Crystal in Tampa, Florida said: So I am totally in the same boat with you right now Lindsea. I have been through sleepless nights trying to decide what I want to do, PTA or Dental Hygienist? They both have about the same Pros and Cons and both make about the same amount of money so I have been stuck in a rut trying to figure out what Id love more. After listening to some of the comments people have said I think PTA is going to be the better choice after all. I want to help people and I think its really going to be more rewarding than dental hygiene. The only thing that really scares me is the amount of work thats going to be placed on your body. But I guess thats why they have massage spas haha. Anyways, Im glad I came through this website, good luck and thanks for the responses you all made to her question since Im totally in the same position!
.

Crystal,
As a PTA just how much work will be placed on our bodies?

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Marie in Petersburg, Virginia

52 months ago

waterbug100 in Campbell River, British Columbia said: Marie...DH have major problems with carpal tunnel, neck and back problems due to repetition.

We sit all day, and have to resort to poor posture (to access different areas in the mouth) plus scaling is repetitive hand and wrist movements. These problems are always in the back of our minds and are of great concern for long term DH. Most DH I know visit PT regularly.

Thank u for this information waterbug100. I already have problems with carpal tunnel so for the sake of my health I suppose DH wouldnt be the right career for me. Thank u very much

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mamuleto26 in Hialeah, Florida

51 months ago

I came across this web site looking for the same answer.DH or PTA¿ Well, although I like DH better, I realized that DH takes almost 20 or 25 more credits to finish than PTA, we are talking an extra 1 year and a half or 2 more years, PTAs make so much money and have a better job opportunity. Since both are hard on your body because of the posture as a DH, and the physical work as a PTA, I rather go with the one that makes more money and has a better job opportunity and I can achieve it on a shorter period of time.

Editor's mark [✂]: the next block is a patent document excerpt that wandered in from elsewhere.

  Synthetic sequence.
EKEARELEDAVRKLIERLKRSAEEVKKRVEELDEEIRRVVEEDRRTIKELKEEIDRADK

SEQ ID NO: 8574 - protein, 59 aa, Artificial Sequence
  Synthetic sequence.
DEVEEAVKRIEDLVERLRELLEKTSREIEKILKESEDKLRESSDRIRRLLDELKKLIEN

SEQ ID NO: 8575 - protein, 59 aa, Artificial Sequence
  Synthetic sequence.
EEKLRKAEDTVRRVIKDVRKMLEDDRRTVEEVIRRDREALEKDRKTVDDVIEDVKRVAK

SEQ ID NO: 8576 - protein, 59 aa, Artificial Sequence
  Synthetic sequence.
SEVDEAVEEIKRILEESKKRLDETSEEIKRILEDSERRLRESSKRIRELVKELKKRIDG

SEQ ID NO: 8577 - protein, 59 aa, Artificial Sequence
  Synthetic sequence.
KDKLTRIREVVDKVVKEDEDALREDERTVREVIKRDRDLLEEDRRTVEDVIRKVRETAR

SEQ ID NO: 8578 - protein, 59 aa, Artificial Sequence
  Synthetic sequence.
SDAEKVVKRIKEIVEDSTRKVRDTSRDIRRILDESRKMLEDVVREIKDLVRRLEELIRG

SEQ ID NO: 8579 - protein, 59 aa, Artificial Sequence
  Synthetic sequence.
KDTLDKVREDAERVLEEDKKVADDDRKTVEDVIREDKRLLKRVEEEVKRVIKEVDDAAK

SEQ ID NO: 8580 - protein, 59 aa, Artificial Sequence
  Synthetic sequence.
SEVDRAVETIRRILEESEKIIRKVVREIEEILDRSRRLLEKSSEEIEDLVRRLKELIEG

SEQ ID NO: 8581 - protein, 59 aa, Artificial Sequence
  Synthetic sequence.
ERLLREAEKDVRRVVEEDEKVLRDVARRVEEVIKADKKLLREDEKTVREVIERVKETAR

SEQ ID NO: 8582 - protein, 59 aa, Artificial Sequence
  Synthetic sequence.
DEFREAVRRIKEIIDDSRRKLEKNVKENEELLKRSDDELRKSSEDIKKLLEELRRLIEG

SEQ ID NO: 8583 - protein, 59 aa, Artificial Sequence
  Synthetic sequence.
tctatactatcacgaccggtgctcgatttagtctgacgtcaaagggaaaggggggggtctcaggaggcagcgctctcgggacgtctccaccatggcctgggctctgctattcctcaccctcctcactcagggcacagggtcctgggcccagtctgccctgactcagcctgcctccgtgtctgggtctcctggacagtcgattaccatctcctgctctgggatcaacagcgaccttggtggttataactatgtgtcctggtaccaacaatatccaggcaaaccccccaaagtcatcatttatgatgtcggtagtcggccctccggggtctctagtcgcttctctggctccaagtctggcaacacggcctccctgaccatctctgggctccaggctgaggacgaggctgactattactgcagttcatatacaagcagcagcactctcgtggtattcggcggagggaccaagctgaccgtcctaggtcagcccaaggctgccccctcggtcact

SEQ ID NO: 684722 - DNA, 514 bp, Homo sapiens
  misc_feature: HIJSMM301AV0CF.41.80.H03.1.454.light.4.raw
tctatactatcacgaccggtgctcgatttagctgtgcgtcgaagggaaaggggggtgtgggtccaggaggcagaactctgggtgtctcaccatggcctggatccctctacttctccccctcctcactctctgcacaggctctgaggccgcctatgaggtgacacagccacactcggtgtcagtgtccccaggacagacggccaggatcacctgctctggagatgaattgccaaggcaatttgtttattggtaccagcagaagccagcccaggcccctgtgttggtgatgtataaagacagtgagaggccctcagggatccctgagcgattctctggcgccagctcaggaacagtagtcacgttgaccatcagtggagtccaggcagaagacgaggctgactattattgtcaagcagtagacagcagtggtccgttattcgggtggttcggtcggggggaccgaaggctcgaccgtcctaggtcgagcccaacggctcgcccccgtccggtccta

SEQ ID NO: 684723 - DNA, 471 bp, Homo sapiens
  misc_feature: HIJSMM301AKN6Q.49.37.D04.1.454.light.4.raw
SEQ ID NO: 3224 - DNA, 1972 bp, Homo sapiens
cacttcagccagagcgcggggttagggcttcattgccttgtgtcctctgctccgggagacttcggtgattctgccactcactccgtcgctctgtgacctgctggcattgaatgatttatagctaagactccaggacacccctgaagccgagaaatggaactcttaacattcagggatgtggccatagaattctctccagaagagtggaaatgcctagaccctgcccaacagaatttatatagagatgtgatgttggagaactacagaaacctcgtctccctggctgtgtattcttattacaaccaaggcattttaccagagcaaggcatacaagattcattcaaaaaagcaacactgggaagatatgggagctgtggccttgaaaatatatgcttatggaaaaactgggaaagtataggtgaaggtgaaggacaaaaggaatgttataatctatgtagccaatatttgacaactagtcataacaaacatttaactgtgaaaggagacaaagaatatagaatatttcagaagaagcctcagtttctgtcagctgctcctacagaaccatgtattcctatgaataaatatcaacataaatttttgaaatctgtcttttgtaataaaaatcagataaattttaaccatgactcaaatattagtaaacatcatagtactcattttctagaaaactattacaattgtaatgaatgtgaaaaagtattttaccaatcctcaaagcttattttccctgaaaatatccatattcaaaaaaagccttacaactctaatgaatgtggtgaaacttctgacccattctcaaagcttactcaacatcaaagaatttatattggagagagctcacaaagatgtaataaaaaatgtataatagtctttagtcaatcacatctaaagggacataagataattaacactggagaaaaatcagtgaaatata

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Devanna in Temecula, California

51 months ago

I also am deciding between PTA, DH or RN and i know there are pros and cons to both the only thing i am really scared of is if i cant find a job after schooling so what do you think is a better career i would like opinions...by the way i know RN is probably the best i just don't know if i can do the "dirty" job that comes with being a RN

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exp in Epping, New Hampshire

51 months ago

Devanna in Temecula, California said: I also am deciding between PTA, DH or RN and i know there are pros and cons to both the only thing i am really scared of is if i cant find a job after schooling so what do you think is a better career i would like opinions...by the way i know RN is probably the best i just don't know if i can do the "dirty" job that comes with being a RN

Hi, Both Nursing and DH can be a "dirty job"...do you know what periodontal disease is? Have you seen people with disgusting teeth when they smile , bad breath and cavities (caries) you can actually see when they smile or speak with you (ouch)...being an RDH, you see many types of homecare...and it can be quite bloody and dealing with "cement" type tarter (calculus on teeth)...google periodontal dis./photos and see what you might find...if you do want to go into the dental field , start with training to be a DA, then you will have more of an idea as to if this is the field for you...also, an 1/8 of the cost of training to be an RDH! Nursing, would afford stability , ben's, etc. compared to what many an RDH can receive in today's market...reality IMO is think of stability in something you see yourself doing for 30+ yrs. and know you have a nest egg when you are ready to retire...many RDH's are on their own for putting away money for their own ret. yrs. Many also find they have to work in 2-3 offices to receive enough to live on and pay their bills...reality of the field in 2010...but if you have a relative that assures you of a job when you've completed DH school...do it...if you become a DA, and the Dr.' is willing to pay some for DH training and you repay in coming back to that practice...is another way....too much $$$ for training now for slim job market...many...many resumes out there, even to offices not looking to hire....shot in the dark for consistent work in DH field now....really research, speak with PT and FT RDH's, shadow them if allowed. GL

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30 year vet in Edmonton, Alberta